What is the tobacco tax increase for? Is the tax proposed in Proposition 56 to reduce smoking or to gain revenue? It seems the proponents’ goal is to be all things—a deterrent to smoking by raising the cost, plus raising revenue mostly for health care. Can they really have it both ways?
Raising the cost of a product means you will get less of it. The idea behind raising the cost of cigarettes and other tobacco products is to diminish and even eliminate their use. Previous tobacco tax increases have been accompanied by reduced use.
In a new study by the Proposition 56 campaign aimed at convincing the business community of the measure’s positive economic impacts, additional costs for a single smoking employee in health care costs and reduced productivity is calculated to be more than $5,000 per year.
The study also notes that, “From an employer ’s perspective, money spent on Medi-Cal is a good investment.”
About a billion dollars raised by the new tax would be dedicated to Medi-Cal. The idea is for an on-going financial commitment to the Medi-Cal program that has seen a dramatically increased population in recent years–and not just because of smokers. California has one the smallest percentage of smokers of any state.
The study briefly remarks on the loss of business for retailers who carry tobacco products asserting that the net benefit of eliminating “all” smokers would outweigh the costs involved from lost revenue of private sector retailers and lost government revenue. In this context, can we call eliminating all smokers a pipe dream?
If cessation of smoking is the prime goal, with all the economic benefits that the study says comes with the end of smoking, why not raise the tax instead of $2 a pack to $20 or more. That should discourage smokers.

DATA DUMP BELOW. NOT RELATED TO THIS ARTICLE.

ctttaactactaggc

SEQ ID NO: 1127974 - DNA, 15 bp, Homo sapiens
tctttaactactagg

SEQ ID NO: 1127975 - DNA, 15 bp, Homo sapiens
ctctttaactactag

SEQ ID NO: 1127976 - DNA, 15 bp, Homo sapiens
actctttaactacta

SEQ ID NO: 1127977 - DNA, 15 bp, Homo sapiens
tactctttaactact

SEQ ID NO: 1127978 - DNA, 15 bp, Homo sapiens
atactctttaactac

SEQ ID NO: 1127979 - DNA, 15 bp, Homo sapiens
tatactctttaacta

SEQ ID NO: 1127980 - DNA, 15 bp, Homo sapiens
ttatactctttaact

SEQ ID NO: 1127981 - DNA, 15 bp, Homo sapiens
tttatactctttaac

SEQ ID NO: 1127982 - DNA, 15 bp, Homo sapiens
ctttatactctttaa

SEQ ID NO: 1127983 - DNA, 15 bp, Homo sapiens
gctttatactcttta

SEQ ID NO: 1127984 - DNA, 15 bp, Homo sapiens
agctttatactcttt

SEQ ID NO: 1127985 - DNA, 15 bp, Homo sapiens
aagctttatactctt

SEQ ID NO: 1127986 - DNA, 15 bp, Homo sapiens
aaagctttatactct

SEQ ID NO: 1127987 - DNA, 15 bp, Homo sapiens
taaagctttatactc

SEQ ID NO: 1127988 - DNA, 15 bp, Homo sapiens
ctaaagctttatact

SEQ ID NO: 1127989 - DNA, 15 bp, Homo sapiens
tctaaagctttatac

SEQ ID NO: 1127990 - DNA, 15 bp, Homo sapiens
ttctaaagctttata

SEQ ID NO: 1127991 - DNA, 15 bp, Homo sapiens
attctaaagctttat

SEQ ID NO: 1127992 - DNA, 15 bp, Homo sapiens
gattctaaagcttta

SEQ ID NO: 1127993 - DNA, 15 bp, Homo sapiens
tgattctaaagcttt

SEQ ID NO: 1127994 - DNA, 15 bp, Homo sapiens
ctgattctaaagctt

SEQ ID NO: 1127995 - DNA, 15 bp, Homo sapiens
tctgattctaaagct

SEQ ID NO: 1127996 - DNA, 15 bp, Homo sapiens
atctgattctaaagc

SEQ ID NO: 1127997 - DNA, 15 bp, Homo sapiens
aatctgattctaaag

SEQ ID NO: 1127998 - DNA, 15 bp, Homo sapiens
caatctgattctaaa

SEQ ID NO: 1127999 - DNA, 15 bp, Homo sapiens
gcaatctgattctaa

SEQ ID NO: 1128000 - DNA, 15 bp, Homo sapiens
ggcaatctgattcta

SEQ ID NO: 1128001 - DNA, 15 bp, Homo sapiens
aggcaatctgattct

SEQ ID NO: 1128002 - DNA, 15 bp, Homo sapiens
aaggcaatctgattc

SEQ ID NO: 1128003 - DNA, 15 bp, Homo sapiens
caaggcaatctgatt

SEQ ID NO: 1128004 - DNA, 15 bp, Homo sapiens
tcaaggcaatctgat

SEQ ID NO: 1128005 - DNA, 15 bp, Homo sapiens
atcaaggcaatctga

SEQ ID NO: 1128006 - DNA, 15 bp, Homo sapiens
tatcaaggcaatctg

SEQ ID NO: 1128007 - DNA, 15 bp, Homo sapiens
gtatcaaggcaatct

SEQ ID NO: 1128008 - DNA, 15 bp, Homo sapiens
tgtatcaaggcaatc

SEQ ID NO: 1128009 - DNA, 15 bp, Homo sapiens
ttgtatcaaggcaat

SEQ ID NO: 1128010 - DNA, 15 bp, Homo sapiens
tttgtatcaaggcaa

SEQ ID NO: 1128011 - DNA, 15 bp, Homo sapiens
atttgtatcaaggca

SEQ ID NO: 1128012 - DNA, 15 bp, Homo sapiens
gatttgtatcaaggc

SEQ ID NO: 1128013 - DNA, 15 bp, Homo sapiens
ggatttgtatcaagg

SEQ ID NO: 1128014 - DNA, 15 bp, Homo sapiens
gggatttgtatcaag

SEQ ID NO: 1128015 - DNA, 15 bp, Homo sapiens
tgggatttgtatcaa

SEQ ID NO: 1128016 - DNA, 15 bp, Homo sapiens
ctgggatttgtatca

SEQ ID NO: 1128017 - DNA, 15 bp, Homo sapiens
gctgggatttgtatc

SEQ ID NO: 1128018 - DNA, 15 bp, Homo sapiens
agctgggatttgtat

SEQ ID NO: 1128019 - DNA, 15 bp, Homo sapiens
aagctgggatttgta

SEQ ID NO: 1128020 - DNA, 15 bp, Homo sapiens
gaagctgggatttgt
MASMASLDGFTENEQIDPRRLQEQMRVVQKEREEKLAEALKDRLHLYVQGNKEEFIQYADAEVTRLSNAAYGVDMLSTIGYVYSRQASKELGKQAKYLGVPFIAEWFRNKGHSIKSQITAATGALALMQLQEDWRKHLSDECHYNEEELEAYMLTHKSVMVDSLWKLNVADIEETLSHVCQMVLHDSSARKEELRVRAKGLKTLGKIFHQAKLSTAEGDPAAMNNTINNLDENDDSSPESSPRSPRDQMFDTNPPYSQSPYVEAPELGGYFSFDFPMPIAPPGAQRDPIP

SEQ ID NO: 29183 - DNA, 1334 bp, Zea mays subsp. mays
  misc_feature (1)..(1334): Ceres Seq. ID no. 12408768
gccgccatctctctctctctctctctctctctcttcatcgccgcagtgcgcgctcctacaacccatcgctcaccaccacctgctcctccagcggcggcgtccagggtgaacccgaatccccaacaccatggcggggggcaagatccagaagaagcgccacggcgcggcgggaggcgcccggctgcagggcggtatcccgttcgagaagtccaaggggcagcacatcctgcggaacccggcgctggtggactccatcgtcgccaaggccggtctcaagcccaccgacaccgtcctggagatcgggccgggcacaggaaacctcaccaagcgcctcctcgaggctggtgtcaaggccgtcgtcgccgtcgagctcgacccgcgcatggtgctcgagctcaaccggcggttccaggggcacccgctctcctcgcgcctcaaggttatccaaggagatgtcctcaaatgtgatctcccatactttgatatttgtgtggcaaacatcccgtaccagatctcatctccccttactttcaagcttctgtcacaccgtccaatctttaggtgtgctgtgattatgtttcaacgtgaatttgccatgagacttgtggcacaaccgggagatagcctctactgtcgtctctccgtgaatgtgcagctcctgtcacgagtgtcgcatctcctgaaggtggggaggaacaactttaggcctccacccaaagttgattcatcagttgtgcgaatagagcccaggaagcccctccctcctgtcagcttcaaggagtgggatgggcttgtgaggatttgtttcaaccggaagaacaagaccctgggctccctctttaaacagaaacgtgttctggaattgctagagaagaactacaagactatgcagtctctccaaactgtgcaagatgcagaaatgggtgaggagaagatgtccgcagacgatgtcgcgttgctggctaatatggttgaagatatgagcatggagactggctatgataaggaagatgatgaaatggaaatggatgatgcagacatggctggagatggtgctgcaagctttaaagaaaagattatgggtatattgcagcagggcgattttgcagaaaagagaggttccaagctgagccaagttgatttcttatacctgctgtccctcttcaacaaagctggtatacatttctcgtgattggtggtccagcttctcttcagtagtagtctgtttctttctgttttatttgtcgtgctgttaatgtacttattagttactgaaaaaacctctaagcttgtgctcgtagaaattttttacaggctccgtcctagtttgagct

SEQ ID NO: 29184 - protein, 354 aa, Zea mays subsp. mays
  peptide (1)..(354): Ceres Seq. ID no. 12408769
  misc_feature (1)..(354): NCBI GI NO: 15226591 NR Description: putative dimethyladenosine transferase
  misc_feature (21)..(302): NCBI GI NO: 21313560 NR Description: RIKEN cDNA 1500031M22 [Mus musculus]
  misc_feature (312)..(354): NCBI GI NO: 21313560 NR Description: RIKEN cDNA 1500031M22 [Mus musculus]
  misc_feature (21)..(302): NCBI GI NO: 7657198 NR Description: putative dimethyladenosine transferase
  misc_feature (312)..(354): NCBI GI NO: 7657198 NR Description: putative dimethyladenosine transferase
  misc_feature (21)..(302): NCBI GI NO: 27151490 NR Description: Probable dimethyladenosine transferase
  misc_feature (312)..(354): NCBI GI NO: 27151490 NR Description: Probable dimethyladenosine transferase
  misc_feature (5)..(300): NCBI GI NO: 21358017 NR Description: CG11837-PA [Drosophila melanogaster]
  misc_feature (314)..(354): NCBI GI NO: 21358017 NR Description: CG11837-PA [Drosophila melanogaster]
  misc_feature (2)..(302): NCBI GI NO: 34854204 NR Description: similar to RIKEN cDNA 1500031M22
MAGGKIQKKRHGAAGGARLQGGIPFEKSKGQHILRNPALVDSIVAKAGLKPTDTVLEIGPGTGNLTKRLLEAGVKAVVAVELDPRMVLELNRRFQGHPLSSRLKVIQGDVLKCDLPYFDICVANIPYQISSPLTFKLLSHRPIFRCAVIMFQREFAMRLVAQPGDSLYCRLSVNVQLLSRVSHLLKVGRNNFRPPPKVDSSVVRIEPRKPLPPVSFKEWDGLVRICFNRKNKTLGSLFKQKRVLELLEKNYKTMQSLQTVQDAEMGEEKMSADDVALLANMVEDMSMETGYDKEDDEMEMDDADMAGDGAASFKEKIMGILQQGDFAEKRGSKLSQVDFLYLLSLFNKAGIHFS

But then all the revenue will disappear as well.
How important is the revenue goal of Proposition 56? If revenue diminishes with the decrease in smoking won’t those who benefit from the government dollars look for a replacement? In fact, Proposition 56 calls on the state Controller to transfer some of the new money to programs already benefiting from previous tobacco tax increases to make up the expected revenue loss if this measure passes. It stands to reason that those benefiting from the revenue haul from an increased tax will not want it to disappear.
There’s an example of such logic on the same ballot. California voters will decide on Proposition 55 to continue what was supposed to be a temporary tax.
Hospitals and health care union members are taking a two-prong approach to fund Medi-Cal. Go after dollars from the rich with Proposition 55’s extension of the income tax, and capture money from the poor who tend to make up the bulk of smokers with Proposition 56’s tobacco tax increase.
So, what is the intention of Proposition 56—is it designed to discourage and ultimately stop smoking, or is it to raise revenue?